Micah Shilanski: On a note with that, we do the same thing with client’s travel documents as well. If they want to give us a copy of their passports, if they want to give us the like the last four of their credit card and copies of credit card information when they’re going on a big trip in case something happens to them, we can get it to them. That’s a solid value add. Again, you should have your client’s driver’s license anyways. We ask for their passports. We’ve actually had a client lose their passport overseas and we were able to get them that copy of it so that they could deal with the embassies in order to get back to the States. Huge value add. What did it take? Absolutely nothing, right? Merely asking for it just to be able to provide a little bit extra help for them.
Matthew Jarvis: You want to always have one of those stories available when you ask for estate documents, right? Kind of a reason why, but then keep the other ones in your pocket. If you give them 10 stories, they’re going to say, “Wait, why does he protest so much?” But if you give them one, say, “Hey, a lot of clients really appreciate that we have a backup copy. If they lost theirs or heaven forbid your house caught on fire or your kids couldn’t find it, then we’ve got that.” If I have a client push back a little bit more saying, “Do I really need to get it to you?” I say, “I had a client a couple of years ago, their son altered the trust documents. Only because we had a backup copy did anybody know that that happened.”
Matthew Jarvis: Same with everything we do, right? Here’s what we need. Here’s why we need it, right? Here’s the benefit, not the feature.
Micah Shilanski: This is a requirement, by the way. There’s no client we work with that will not give us their estate planning documents. I would graduate them in a heartbeat because if they’re not willing to share that, if they’re not willing to get these documents, we can’t do our job as financial planners.
Matthew Jarvis: That’s right. That’s right. Micah, I want to highlight a couple of things on estate documents you mentioned briefly, but I want to make sure the audience picked up on that. While we’re not attorneys and we don’t practice, we don’t claim to be nothing like that, we also reviewed the documents in pretty great detail looking for, like you said, inconsistencies. Most estate documents are just made in a mail merge document. I can’t tell you the number of state documents I’ve seen that have random people’s names in it. I’ll call the client and I’ll say, “Hey, you never mentioned Sally Jones,” and they say, “I have no idea who Sally Jones is.” “Well, she’s the beneficiary to half of your estate.” “Well, what do you mean?”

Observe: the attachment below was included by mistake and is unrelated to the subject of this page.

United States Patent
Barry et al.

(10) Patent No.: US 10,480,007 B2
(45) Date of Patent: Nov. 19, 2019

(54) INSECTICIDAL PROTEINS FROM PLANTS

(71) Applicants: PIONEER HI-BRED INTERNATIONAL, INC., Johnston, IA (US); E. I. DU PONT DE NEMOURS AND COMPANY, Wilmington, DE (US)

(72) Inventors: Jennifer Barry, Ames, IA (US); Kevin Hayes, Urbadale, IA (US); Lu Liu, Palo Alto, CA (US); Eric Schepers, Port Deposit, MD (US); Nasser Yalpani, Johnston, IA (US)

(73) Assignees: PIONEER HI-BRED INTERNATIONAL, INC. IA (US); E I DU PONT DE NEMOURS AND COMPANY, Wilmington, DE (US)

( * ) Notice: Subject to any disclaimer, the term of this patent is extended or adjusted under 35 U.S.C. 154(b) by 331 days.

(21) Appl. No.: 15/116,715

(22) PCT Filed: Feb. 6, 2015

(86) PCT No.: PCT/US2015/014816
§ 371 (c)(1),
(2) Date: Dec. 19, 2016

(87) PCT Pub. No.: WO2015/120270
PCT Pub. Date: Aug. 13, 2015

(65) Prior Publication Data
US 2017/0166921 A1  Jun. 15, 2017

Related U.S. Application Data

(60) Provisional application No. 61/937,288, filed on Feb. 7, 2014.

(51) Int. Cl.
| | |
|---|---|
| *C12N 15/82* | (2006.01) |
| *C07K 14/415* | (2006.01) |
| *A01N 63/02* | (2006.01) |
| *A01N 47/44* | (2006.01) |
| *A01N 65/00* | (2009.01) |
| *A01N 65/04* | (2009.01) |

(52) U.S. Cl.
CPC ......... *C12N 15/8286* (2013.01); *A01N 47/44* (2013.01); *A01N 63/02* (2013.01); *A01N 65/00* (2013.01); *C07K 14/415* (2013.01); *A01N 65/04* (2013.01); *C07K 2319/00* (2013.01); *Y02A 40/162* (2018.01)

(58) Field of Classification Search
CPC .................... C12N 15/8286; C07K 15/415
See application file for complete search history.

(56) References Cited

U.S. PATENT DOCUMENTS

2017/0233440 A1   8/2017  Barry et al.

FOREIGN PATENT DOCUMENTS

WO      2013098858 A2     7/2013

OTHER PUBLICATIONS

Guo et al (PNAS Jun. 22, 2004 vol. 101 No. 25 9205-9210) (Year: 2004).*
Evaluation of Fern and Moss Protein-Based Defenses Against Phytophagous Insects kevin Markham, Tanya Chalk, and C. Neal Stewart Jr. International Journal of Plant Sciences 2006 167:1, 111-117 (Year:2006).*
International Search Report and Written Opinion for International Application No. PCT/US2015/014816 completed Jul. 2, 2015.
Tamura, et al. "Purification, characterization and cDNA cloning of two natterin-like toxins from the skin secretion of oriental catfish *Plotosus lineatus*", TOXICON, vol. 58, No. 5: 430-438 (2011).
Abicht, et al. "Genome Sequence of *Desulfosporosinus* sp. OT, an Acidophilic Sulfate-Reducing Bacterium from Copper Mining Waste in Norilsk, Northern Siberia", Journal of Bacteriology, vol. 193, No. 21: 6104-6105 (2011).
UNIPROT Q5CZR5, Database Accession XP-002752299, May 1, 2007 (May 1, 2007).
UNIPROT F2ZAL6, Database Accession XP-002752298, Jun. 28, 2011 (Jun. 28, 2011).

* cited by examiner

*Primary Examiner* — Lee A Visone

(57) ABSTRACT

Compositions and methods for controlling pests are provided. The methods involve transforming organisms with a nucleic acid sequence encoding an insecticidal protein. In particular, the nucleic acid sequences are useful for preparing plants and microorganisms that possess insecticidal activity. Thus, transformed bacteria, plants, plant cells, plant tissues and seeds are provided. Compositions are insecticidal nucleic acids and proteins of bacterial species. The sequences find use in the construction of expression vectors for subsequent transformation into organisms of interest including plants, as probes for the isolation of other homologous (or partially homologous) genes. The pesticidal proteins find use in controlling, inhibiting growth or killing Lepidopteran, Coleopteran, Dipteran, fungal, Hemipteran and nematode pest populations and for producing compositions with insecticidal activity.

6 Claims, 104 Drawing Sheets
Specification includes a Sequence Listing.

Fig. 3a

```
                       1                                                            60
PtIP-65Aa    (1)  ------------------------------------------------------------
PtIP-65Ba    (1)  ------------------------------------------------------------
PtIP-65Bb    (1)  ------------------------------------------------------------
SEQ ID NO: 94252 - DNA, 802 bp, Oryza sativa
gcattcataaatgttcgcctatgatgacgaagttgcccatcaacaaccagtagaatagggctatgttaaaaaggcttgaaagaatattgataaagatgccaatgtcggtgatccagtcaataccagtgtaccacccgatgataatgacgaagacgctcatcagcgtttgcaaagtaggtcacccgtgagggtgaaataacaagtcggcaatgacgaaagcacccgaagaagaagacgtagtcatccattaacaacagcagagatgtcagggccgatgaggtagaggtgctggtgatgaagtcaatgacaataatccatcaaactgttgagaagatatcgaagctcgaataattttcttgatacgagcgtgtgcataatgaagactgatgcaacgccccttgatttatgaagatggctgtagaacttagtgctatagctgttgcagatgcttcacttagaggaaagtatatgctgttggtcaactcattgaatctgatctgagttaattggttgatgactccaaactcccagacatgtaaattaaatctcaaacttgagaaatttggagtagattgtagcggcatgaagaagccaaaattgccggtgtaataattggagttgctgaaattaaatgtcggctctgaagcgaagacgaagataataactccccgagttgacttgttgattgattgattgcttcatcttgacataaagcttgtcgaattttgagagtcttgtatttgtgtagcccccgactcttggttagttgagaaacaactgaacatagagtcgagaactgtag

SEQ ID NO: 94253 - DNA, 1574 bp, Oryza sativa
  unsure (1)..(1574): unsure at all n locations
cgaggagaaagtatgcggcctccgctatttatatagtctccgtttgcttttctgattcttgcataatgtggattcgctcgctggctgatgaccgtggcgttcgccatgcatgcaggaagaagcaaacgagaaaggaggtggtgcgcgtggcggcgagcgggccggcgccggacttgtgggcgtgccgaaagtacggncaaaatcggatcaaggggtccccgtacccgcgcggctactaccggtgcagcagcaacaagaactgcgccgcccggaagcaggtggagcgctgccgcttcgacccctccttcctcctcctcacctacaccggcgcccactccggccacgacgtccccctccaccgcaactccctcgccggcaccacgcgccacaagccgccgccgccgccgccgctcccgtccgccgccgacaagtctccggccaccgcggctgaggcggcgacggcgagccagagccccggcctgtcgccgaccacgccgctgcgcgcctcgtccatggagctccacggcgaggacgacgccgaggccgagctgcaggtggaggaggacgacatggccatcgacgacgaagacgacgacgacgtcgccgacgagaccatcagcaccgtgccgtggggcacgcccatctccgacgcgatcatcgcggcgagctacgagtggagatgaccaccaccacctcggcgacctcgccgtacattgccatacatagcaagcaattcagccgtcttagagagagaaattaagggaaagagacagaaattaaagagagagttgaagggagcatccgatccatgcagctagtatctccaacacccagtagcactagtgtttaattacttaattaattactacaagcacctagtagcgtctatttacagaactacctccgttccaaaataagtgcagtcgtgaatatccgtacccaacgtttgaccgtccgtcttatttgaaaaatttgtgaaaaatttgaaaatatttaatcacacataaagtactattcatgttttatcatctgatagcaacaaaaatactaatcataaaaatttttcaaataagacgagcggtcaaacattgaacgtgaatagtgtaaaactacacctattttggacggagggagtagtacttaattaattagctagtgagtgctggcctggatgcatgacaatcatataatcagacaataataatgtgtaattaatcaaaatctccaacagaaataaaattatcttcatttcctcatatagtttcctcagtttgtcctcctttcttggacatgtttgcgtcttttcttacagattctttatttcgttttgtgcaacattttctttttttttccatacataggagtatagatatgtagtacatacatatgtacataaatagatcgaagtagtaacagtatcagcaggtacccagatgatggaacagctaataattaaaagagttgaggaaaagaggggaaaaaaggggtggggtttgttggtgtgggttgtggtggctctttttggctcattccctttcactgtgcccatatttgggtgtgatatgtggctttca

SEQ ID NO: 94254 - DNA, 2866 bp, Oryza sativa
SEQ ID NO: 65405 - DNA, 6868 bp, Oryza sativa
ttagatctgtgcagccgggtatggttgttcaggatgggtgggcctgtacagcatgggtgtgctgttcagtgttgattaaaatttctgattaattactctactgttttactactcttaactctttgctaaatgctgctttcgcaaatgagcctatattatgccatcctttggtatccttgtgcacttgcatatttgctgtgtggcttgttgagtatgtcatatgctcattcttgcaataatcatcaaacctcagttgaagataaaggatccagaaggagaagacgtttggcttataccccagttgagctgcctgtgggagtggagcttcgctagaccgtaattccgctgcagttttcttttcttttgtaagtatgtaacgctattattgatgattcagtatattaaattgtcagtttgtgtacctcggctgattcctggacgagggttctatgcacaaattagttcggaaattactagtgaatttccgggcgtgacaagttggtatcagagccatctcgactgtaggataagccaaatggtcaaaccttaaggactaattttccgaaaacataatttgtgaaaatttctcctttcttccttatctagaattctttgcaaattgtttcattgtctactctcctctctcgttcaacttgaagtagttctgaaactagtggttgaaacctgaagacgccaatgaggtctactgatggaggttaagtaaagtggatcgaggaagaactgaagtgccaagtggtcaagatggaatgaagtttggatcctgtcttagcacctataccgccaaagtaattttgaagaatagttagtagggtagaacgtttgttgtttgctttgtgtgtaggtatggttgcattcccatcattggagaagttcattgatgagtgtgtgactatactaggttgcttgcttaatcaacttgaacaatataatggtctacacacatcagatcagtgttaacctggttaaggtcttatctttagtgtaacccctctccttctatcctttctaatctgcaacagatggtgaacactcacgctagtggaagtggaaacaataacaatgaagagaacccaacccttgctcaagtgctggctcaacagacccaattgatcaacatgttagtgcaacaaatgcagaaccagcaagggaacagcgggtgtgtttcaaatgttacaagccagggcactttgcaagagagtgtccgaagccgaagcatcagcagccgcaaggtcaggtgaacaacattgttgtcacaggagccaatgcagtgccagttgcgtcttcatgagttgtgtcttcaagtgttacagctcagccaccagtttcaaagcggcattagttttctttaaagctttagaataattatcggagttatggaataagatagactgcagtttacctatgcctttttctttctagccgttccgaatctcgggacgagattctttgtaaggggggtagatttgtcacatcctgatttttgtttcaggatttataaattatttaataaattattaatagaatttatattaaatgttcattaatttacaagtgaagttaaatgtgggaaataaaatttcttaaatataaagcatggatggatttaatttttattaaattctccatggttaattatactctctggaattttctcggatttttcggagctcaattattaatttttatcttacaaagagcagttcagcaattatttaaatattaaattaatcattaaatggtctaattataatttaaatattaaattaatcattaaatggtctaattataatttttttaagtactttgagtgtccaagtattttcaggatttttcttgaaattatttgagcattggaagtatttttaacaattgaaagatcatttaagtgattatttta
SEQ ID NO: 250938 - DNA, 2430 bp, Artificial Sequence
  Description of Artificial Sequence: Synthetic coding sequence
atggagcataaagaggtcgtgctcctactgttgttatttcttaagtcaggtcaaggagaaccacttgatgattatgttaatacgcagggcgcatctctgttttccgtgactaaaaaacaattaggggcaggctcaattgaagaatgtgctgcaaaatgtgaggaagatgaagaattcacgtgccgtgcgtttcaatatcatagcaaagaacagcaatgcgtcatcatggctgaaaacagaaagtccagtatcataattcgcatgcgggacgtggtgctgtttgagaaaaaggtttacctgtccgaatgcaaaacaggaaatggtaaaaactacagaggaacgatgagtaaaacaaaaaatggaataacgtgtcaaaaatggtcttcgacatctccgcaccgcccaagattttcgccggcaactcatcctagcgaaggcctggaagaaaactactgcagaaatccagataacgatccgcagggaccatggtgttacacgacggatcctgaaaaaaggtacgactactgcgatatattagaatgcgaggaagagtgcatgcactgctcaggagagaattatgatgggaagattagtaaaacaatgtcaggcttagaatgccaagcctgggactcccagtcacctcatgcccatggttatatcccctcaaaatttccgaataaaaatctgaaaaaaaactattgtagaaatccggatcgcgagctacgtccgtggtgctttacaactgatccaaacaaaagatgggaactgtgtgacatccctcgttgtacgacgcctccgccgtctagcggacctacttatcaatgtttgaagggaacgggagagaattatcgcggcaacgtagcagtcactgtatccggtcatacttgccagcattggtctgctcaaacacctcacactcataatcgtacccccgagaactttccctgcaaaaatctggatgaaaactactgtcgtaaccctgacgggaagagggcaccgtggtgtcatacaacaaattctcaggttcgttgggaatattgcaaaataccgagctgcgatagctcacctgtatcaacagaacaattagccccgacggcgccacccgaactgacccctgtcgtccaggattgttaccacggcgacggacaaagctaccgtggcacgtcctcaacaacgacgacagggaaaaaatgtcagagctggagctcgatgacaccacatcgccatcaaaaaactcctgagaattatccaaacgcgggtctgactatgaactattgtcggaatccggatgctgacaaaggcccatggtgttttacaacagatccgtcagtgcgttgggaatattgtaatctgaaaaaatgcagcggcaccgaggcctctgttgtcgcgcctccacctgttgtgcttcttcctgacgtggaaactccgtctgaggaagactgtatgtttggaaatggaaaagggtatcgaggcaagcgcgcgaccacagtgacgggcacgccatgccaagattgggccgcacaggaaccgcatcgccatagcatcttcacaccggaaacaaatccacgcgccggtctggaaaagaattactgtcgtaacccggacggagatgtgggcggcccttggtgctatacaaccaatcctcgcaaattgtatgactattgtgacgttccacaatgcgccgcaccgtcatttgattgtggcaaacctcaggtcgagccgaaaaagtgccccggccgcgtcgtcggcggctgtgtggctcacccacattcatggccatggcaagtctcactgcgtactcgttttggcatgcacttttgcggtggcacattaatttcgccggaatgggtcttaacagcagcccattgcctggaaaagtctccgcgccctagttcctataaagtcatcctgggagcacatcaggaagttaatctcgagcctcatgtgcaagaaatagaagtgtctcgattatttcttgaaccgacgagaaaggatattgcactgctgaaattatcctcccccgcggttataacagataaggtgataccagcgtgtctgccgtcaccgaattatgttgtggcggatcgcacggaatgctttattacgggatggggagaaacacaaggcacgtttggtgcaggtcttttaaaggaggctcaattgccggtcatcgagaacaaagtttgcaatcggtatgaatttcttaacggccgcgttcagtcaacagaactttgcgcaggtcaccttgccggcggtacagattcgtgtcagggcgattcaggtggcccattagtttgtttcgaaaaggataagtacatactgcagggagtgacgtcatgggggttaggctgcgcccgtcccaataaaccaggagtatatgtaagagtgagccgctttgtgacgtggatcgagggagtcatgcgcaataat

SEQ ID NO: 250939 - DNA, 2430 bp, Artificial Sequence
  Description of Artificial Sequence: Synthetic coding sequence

Matthew Jarvis: You could tell that it had just been not updated in the estate documents. Sure, could you contest that will after the client dies? Yeah, but that’s going to be an absolute nightmare. We want to review those things. We want to make sure that beneficiaries line up, that things are spelled correctly. All of that’s got to be. That’s part of your job of delivering massive value.
Micah Shilanski: Signatures, dates, and initials, right?
Matthew Jarvis: Yes, notaries.
Micah Shilanski: Notary dates. When does their notary seal expire? We’ve seen multiple documents get signed after a notary seal has expired that’s there, right? Is that valid or is that not valid? I don’t know, but we’re going to fix it, right? I don’t want to have that discussion in a courtroom. We’re going to get these things. These are solid little value adds that you can do for your clients.
Matthew Jarvis: Micah, on the same note, what do you tell clients or how do you have the discussion when a client says, “Hey, I found CheapWills.com or do it yourself Suze Orman wills,” what do you recommend versus a real… I guess what do you recommend in general and how do you handle that discussion?
Micah Shilanski: Sure. It depends on the circumstances, right?
Matthew Jarvis: Sure.
Micah Shilanski: I call it if it’s an I love you will, “Sweetie, I love you. If I die, you get everything. If not, everything goes to a charity.” If someone wants to do LegalZoom.com, I don’t really have a big issue with that. It’s pretty simple. I don’t like the Orman package that’s there. I just looked at it and for me it just doesn’t work. If they’re going to do their own, it’s LegalZoom. I actually like their setup that’s there. If it’s any more complicated than that, literally any more complicated than that, absolutely no on LegalZoom. I would prefer an attorney. I’m not ragging on any of the online software sits there. It’s like TurboTax.
Micah Shilanski: The clients answer the question the way they read the question, not the way the question was written by an attorney. Sometimes we need that individual attorney’s interpretation in order to get a real estate plan done. I don’t like box trusts. I’ve never read a box trust that I’ve read that I was happy with that came out of these companies that had a lot of planning issues inside of it. I’m a little bit more biased towards that. I like the individual side. What about you, Jarvis?